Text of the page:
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4 INTEGRATOR DESCRIPTION AND FUNCTIONAL SPECIFICATION INTRODUCTION The 1985 Woods Hole Workshop introduced the concept of an integrator as the central function of an integrated data base (IDB). The purpose of this working group is to further extend and describe the integrator. The group reviewed and validated the 1985 workshop concept of the integrator--validated it against the literature in the field and against the work undertaken by others. The group also assessed the status of the prototype IDB as it relates to the function of the integrator, extended the concept of the integrator, and proposed a direction for implementation of the integrator. This chapter summarizes the findings and recommendations of the working group. First, the IDB and integrator concepts are outlined, and the integrator concept is then viewed in the context of architec- ture models resulting from other outside research. Practical tech- nology and user considerations that influenced the group's recommenda- tions for integrator implementation are then described, followed by a discussion of considerations for implementation. Finally, the group's proposal for extending the prototype IDB in 1987 is presented. Members of the working group were: Bob Mahan (Chair), Larry Dyer, Jim Goodland, Bob Heterick, Marie Roberts, Paul Scarponcini, and Dick Zitzmann. IDB CONCEPT The IDB for a building project will exist from the very start of the programming and planning phase of the building process when the idea for the building originates. The IDB will be an active element of the process through the operational and facility management phase (when large cost advantages are expected to result). It may even survive the demolition of the building, since the data would have experiential value to future building projects. The quantity of stored data will vary over the span of the life cycle. As activities and tasks are completed, the amount of stored data will increase with time, at least in the early phases. Since some data will not have to be stored for the full cycle, and others will be added as time goes on, it could be that the total size of the stored data may stabilize at some point in time. 39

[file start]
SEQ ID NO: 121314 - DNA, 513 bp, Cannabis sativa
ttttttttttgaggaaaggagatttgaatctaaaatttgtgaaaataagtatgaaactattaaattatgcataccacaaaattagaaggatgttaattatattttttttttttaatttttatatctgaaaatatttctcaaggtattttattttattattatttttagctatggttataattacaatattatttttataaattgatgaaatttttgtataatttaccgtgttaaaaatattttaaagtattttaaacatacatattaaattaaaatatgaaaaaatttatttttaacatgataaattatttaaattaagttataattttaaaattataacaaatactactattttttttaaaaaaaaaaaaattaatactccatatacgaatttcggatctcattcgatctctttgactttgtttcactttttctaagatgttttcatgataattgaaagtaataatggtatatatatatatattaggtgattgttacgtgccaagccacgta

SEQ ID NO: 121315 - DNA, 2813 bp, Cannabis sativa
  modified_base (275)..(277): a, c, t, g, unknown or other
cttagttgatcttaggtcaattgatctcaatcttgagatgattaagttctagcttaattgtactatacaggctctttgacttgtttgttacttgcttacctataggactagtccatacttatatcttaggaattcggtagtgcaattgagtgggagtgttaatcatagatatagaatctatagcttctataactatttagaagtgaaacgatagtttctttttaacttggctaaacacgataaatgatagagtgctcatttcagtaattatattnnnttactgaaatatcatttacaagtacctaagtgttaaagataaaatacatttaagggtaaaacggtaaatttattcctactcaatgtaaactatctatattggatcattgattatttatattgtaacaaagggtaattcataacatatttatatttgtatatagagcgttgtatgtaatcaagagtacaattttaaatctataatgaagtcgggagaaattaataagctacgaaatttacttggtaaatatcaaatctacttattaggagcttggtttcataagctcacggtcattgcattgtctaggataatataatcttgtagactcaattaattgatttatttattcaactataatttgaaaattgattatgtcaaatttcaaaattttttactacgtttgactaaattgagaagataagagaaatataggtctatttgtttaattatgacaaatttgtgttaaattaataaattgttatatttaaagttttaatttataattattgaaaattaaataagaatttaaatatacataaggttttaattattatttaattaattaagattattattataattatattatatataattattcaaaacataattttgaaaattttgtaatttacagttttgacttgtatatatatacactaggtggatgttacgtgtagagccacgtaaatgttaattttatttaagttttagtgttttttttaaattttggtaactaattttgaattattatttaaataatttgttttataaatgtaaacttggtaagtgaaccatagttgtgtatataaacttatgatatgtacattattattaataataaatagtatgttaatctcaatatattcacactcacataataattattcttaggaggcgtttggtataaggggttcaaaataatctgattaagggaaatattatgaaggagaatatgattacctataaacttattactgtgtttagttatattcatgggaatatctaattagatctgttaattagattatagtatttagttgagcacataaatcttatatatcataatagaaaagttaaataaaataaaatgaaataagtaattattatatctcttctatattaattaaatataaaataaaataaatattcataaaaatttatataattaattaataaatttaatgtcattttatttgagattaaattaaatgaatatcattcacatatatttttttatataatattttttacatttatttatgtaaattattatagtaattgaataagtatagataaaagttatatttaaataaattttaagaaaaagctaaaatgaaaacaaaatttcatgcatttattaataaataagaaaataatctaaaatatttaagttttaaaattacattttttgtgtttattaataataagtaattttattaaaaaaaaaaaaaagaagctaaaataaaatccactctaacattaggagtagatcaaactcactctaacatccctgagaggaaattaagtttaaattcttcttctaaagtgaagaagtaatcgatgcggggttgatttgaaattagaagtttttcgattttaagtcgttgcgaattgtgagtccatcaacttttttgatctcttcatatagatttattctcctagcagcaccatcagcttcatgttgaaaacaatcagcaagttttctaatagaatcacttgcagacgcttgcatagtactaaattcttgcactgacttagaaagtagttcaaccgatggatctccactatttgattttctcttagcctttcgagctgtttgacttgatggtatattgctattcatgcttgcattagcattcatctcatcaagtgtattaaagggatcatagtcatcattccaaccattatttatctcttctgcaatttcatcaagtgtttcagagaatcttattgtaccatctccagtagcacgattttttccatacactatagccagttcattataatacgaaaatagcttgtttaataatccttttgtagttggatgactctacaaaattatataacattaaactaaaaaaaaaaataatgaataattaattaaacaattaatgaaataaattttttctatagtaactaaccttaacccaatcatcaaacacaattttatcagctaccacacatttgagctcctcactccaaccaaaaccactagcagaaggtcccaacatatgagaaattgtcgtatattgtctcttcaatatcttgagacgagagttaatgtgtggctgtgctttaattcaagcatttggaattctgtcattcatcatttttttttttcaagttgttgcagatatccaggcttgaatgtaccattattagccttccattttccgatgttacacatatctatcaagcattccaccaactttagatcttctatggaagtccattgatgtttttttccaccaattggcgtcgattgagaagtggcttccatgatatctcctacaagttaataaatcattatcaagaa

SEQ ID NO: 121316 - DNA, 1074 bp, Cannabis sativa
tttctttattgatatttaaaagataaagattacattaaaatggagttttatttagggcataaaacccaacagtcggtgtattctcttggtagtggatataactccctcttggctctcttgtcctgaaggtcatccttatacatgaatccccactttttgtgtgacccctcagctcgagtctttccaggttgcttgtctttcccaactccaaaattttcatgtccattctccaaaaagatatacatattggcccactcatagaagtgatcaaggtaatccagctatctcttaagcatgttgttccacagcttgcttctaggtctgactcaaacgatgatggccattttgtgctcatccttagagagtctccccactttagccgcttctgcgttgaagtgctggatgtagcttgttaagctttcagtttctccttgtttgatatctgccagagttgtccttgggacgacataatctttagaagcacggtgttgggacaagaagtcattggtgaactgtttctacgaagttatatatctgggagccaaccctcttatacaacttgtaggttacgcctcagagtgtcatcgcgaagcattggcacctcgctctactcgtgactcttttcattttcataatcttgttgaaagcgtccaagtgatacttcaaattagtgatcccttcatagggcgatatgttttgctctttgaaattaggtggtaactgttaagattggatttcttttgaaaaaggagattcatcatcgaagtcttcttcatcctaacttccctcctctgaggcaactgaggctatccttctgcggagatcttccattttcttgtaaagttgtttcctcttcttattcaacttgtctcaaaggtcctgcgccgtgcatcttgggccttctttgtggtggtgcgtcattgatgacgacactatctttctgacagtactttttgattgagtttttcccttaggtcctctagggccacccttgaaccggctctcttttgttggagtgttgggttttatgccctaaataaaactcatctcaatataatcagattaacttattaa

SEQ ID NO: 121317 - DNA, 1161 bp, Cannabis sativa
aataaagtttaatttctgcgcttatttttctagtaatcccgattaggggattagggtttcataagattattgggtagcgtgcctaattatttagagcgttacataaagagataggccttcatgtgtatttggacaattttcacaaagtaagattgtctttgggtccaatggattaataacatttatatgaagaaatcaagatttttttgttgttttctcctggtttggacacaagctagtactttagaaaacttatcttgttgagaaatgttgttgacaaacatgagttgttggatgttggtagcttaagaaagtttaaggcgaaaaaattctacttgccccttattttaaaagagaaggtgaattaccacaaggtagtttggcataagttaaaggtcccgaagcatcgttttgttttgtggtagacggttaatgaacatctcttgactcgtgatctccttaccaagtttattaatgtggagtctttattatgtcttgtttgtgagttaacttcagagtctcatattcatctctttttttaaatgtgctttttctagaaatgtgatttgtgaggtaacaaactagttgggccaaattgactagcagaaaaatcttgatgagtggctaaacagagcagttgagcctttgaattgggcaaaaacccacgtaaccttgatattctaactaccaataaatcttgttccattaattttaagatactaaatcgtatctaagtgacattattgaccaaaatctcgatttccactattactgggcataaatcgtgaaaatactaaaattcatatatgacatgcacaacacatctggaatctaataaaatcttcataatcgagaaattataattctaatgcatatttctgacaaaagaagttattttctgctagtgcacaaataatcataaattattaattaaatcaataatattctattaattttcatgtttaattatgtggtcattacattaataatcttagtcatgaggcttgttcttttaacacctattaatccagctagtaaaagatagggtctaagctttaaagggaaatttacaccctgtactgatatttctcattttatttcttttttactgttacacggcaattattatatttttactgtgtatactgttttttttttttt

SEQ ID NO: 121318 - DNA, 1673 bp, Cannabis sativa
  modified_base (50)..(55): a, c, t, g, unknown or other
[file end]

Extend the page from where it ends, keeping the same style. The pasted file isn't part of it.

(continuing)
40 It is convenient to envisage the IDB as consisting of three broad components: 1. Data distributed among currently active files and data base systems of current participants in the building process, but limited to data elements and instances of data elements that are prescribed in advance to be valid parts of the IDB (i.e., subject to inclusion and exclusion rules), 2. A transitional data base that holds data resulting from the tasks of participants no longer active in the process; over time, this collection of data will grow as the building project proceeds, and, eventually, is expected to comprise essentially all of the data of the IDB, and 3. The functional components of the IDB which, collectively, is called the "integrator." INTEGRATOR CONCEPT The conceptual view of the integrator developed at the 1985 Woods Hole Workshop contains the five components: administrator, director, translator, accessor and communicator. Administrator The administrator is responsible for the area of data security and includes functions to control reading, updating, and deleting of data. It also ensures the integrity, consistency and currency of the data. It includes the management function for concurrent queries or updates, and for recovery and backup in case of system failure. Rules are contained within this component to govern the inclusion or exclusion of data resulting from building process tasks. Director The director contains the global data dictionary, information on where IDB data are stored, file formats, access authorizations, data currency status, and information about the specific physical implementation of the data model. Translator The translator contains information on requirements for different views of data for authorized users of the IDB as well as the formats of data sources and targets. This component contains the functionality to perform necessary format conversions.